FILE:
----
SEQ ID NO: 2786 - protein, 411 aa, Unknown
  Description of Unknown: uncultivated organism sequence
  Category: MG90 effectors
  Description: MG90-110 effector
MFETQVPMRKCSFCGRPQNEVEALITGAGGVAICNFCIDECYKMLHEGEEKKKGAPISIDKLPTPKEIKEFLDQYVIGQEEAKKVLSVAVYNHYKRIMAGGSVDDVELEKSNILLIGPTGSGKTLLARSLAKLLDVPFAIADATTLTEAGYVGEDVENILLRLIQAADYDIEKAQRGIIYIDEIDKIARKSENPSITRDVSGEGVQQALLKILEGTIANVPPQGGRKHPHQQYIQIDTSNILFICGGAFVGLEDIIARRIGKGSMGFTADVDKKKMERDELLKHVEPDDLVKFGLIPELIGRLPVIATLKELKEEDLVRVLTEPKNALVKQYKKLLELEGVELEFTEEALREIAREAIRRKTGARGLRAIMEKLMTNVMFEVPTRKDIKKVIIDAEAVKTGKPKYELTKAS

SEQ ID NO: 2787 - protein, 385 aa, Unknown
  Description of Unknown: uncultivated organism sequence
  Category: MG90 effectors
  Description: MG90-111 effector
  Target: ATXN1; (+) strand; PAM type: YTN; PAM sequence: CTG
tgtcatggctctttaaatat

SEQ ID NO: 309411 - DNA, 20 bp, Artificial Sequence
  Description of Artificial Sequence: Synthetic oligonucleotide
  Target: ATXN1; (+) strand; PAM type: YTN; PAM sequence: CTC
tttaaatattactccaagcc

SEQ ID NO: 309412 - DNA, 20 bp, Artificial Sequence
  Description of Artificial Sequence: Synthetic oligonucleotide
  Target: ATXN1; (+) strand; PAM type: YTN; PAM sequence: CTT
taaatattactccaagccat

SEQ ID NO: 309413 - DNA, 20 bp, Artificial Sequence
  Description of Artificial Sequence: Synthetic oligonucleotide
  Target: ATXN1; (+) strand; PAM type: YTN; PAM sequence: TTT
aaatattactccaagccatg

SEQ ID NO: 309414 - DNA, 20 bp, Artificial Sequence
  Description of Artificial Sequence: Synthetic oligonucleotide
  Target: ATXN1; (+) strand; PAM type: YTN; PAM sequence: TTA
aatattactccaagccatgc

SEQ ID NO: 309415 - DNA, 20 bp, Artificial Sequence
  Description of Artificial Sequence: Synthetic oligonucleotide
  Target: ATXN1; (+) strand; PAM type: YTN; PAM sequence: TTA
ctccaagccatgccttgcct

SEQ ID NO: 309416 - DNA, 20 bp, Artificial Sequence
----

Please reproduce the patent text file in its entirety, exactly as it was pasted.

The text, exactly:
SEQ ID NO: 2786 - protein, 411 aa, Unknown
  Description of Unknown: uncultivated organism sequence
  Category: MG90 effectors
  Description: MG90-110 effector
MFETQVPMRKCSFCGRPQNEVEALITGAGGVAICNFCIDECYKMLHEGEEKKKGAPISIDKLPTPKEIKEFLDQYVIGQEEAKKVLSVAVYNHYKRIMAGGSVDDVELEKSNILLIGPTGSGKTLLARSLAKLLDVPFAIADATTLTEAGYVGEDVENILLRLIQAADYDIEKAQRGIIYIDEIDKIARKSENPSITRDVSGEGVQQALLKILEGTIANVPPQGGRKHPHQQYIQIDTSNILFICGGAFVGLEDIIARRIGKGSMGFTADVDKKKMERDELLKHVEPDDLVKFGLIPELIGRLPVIATLKELKEEDLVRVLTEPKNALVKQYKKLLELEGVELEFTEEALREIAREAIRRKTGARGLRAIMEKLMTNVMFEVPTRKDIKKVIIDAEAVKTGKPKYELTKAS

SEQ ID NO: 2787 - protein, 385 aa, Unknown
  Description of Unknown: uncultivated organism sequence
  Category: MG90 effectors
  Description: MG90-111 effector
  Target: ATXN1; (+) strand; PAM type: YTN; PAM sequence: CTG
tgtcatggctctttaaatat

SEQ ID NO: 309411 - DNA, 20 bp, Artificial Sequence
  Description of Artificial Sequence: Synthetic oligonucleotide
  Target: ATXN1; (+) strand; PAM type: YTN; PAM sequence: CTC
tttaaatattactccaagcc

SEQ ID NO: 309412 - DNA, 20 bp, Artificial Sequence
  Description of Artificial Sequence: Synthetic oligonucleotide
  Target: ATXN1; (+) strand; PAM type: YTN; PAM sequence: CTT
taaatattactccaagccat

SEQ ID NO: 309413 - DNA, 20 bp, Artificial Sequence
  Description of Artificial Sequence: Synthetic oligonucleotide
  Target: ATXN1; (+) strand; PAM type: YTN; PAM sequence: TTT
aaatattactccaagccatg

SEQ ID NO: 309414 - DNA, 20 bp, Artificial Sequence
  Description of Artificial Sequence: Synthetic oligonucleotide
  Target: ATXN1; (+) strand; PAM type: YTN; PAM sequence: TTA
aatattactccaagccatgc

SEQ ID NO: 309415 - DNA, 20 bp, Artificial Sequence
  Description of Artificial Sequence: Synthetic oligonucleotide
  Target: ATXN1; (+) strand; PAM type: YTN; PAM sequence: TTA
ctccaagccatgccttgcct

SEQ ID NO: 309416 - DNA, 20 bp, Artificial Sequence